I could not have asked for anything more from Serenity. Simply awesome.
Go see it or the *insert beloved item* gets it!
Time has a good article up on how geek culture has been assimilated into pop culture.
There was a time--yes, my children, the legends are true--when J.R.R. Tolkien was not cool. Really. Very much not cool. Also video games, and Spider-Man, and the X-Men. There was a time, not even that long ago, when you could get beaten up by jocks in the woods behind the backstop for being down with the X-Men. Not that this happened to me personally. Friend of mine. Friend of mine's cousin, actually. Lives in Canada. You wouldn't know him.
The point is, things like that don't happen so much anymore. Over the past few years, an enormous shift has taken place in American culture, a disturbance in the Force, a rip in the fabric of space-time. What was once hopelessly geeky--video games, fantasy novels, science fiction, superheroes--has now, somehow, become cool.
It's as if the economic hegemony of the geek in the 1990s, when high tech and the Internet were driving the economy, has somehow been converted into a cultural hegemony. Rappers and athletes trick out their Hummers with Xboxes. Supermodels insist in interviews that they used to be losers in high school. Jon Cryer--Jon Cryer? Duckie from Pretty in Pink?--has a hit TV show. Did we lose a war with Nerdistan?
It's not hard to see how this happened. It's partly good business: nerds are highly employable, bursting with disposable income, and the entertainment industry has discovered them as a prime demographic to be marketed to, the same way it discovered teenage girls after Titanic. On a deeper level, there's something about the nerd's principled disdain for (or inability to abide by, same difference) ordinary social conventions that strikes Americans--a nation of nonconformists--as noble.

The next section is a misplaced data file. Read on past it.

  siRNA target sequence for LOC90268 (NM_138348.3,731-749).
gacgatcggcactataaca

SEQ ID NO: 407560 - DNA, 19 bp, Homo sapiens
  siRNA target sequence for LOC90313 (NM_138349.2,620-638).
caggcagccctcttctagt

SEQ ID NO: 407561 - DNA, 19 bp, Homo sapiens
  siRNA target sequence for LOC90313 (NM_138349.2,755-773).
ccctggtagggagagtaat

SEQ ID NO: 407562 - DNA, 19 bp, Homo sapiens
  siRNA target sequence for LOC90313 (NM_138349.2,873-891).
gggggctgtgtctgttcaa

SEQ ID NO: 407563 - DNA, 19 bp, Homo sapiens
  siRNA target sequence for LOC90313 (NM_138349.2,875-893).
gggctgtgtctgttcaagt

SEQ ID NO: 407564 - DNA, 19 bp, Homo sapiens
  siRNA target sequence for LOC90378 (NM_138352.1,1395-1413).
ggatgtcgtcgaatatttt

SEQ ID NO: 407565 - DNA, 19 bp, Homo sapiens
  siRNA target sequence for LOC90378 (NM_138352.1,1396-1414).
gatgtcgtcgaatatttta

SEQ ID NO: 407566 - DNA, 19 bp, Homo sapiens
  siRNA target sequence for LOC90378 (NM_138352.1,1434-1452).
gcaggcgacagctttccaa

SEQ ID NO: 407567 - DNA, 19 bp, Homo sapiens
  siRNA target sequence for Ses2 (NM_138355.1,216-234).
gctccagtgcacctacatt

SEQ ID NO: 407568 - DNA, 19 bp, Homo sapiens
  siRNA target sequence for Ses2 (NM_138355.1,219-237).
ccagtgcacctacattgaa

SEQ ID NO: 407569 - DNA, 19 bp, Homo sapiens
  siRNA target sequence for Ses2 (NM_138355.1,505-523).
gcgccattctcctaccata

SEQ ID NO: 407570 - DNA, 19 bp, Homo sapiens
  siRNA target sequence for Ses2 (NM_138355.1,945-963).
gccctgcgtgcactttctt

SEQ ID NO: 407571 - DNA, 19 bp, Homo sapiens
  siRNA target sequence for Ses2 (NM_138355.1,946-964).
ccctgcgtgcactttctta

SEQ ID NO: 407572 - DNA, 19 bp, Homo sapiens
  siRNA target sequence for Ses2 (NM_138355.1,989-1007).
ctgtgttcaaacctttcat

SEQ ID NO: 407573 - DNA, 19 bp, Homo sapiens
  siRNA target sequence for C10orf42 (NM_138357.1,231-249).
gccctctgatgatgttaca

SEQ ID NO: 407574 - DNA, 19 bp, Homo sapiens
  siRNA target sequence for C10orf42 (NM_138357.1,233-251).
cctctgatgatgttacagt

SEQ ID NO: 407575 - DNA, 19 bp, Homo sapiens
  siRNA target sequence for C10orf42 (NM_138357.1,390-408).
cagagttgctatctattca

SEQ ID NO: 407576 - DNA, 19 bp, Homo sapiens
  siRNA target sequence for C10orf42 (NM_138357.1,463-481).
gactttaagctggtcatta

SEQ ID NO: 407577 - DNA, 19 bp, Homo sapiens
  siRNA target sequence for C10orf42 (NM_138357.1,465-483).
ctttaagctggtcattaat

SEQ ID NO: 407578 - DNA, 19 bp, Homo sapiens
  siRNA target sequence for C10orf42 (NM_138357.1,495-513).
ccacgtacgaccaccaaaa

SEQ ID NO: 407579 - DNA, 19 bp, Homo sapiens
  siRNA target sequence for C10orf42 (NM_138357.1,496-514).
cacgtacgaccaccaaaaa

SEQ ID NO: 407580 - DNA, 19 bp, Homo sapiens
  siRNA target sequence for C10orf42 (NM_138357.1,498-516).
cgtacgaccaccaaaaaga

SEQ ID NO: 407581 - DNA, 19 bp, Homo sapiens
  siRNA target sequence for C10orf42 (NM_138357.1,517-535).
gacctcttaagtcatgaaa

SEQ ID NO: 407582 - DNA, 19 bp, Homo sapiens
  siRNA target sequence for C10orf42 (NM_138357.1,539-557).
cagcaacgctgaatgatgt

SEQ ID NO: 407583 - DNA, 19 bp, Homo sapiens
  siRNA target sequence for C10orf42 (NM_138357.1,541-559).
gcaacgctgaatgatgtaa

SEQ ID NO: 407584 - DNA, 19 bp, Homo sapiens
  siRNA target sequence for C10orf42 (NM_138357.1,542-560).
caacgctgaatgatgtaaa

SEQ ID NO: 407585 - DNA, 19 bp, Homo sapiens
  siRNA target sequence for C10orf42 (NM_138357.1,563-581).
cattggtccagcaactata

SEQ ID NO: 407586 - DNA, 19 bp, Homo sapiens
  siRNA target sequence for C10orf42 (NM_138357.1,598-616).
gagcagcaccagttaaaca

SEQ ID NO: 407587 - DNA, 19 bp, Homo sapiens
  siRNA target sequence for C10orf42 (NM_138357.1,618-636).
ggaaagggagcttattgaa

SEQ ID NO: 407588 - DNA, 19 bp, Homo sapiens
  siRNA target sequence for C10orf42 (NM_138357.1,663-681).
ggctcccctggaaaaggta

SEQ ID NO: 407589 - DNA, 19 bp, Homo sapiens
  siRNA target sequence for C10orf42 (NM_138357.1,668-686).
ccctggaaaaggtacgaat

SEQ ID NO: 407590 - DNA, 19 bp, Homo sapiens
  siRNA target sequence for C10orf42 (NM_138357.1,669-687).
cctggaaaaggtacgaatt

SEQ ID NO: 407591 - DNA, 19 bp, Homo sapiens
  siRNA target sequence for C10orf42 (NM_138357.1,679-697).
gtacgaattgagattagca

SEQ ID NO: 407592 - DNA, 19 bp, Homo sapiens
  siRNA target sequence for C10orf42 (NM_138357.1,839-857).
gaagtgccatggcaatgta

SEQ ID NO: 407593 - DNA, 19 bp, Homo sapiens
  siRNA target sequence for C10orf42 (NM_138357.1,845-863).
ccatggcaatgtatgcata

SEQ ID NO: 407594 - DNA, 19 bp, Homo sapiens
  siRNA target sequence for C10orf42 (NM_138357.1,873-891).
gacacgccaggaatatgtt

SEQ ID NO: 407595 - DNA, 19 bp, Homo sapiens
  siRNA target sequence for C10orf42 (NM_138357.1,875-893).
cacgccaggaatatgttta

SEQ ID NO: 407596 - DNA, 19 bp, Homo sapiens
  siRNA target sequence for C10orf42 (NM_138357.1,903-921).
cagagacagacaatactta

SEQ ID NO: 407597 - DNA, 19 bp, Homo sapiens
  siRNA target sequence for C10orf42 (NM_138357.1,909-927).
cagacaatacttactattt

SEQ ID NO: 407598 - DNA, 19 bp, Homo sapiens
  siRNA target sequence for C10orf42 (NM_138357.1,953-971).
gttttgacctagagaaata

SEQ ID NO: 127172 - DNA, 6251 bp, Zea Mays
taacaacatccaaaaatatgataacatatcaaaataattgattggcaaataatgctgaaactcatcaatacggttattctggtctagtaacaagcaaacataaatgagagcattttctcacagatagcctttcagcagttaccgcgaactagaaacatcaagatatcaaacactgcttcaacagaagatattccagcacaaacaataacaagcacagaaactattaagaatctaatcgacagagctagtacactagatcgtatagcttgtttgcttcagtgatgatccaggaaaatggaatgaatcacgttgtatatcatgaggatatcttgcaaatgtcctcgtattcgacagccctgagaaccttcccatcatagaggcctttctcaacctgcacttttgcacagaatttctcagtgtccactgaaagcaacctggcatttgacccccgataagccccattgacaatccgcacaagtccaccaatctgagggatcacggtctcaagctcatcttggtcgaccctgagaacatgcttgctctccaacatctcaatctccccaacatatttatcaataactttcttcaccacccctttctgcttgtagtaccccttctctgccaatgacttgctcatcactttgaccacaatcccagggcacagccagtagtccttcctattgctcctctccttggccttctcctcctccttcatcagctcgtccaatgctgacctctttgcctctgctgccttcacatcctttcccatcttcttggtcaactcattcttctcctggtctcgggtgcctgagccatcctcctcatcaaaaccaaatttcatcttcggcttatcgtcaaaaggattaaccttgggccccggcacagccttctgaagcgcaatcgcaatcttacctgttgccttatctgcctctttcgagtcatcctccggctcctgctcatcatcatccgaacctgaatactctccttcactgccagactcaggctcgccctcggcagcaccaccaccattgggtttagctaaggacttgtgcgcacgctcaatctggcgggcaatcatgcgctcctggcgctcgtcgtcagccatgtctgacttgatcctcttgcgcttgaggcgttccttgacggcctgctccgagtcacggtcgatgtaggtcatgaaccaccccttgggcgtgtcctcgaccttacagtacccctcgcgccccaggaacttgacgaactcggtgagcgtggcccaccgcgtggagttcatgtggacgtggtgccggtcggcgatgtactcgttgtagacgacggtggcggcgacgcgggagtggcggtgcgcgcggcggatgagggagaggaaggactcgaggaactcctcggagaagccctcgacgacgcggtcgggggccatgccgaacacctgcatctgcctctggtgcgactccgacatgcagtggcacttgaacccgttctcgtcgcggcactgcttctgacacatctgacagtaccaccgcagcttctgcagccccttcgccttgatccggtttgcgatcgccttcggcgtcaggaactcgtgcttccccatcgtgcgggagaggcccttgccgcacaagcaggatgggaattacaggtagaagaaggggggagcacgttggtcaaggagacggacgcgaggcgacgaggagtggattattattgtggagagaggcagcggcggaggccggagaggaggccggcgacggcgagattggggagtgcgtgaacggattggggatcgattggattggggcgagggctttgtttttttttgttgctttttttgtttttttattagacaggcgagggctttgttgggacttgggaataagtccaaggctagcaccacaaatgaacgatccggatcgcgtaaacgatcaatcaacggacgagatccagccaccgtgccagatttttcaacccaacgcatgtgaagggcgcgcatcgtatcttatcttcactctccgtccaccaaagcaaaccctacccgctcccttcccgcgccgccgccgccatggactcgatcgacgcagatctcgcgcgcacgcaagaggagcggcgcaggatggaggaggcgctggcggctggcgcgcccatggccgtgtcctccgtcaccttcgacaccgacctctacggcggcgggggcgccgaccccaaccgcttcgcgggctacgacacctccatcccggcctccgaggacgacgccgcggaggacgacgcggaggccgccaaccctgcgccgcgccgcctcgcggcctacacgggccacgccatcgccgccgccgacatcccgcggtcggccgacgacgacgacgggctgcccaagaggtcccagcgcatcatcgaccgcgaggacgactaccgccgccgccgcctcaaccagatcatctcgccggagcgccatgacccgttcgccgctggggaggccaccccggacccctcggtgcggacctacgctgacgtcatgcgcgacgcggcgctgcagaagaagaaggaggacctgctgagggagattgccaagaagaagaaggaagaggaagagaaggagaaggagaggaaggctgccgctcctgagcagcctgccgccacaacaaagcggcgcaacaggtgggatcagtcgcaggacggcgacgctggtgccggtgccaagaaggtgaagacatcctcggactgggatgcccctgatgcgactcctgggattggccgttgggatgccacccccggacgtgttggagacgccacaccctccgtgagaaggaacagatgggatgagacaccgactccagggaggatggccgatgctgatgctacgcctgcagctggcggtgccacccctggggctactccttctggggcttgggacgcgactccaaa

Heard on the radio: "Tonight at 7:35: The Red and Brewers play 9 because the schedule says they have to."
From the Dayton Daily News:
City officials held a closed-door meeting on Wednesday to discuss proposals to offer Cox Ohio Publishing to get the company to keep its Dayton Daily News editorial offices in the downtown core.
The hush-hush nature of the deal was damaged somewhat when a city delegation tripped an alarm in some of the Dayton Arcade buildings when they took a tour without telling the Arcade's owner.
Gee, I wonder how a 300+ word article in the city's only major newspaper will affect the hush-hush nature of the deal.
Though to their credit... the publisher of the Dayton Daily News would not comment to the Dayton Daily News for the story published by the Dayton Daily News about the secret negotiations between the Dayton Daily News and the city of Dayton to keep the Dayton Daily News downtown.
Can anyone follow the thread of logic in that last sentence? I can't.
Last year wasn't as good as the first but it was a strong effort out of the gate this year.
I think this one has some real potential. The premier was funny (though not the funniest in its time slot) and there seems to be some real depth to it. It's not a cookie-cutter sitcom where they just assemble some funny characters and stick them in a workplace, there seems to be some real emotional depth behind it.
How I Met Your Mother:
The strongest premier of the night, despite Bob Saget. I had my doubts going in. The premise that it's a father telling his kids the story of how he met their mother seemed awfully limiting and I kept thinking back to other sitcoms with premises so limiting that they basically just ended up ignoring them (ie 8 Simple Rules..., Cursed) but the twist at the end gave me some hope that they'll be able to pull it off.
And premise aside, it was VERY funny and quite well cast. The show wasn't flailing around out of the gate trying to get its feet under it and figure out its style, I got the feeling that this is a show that knows what it is.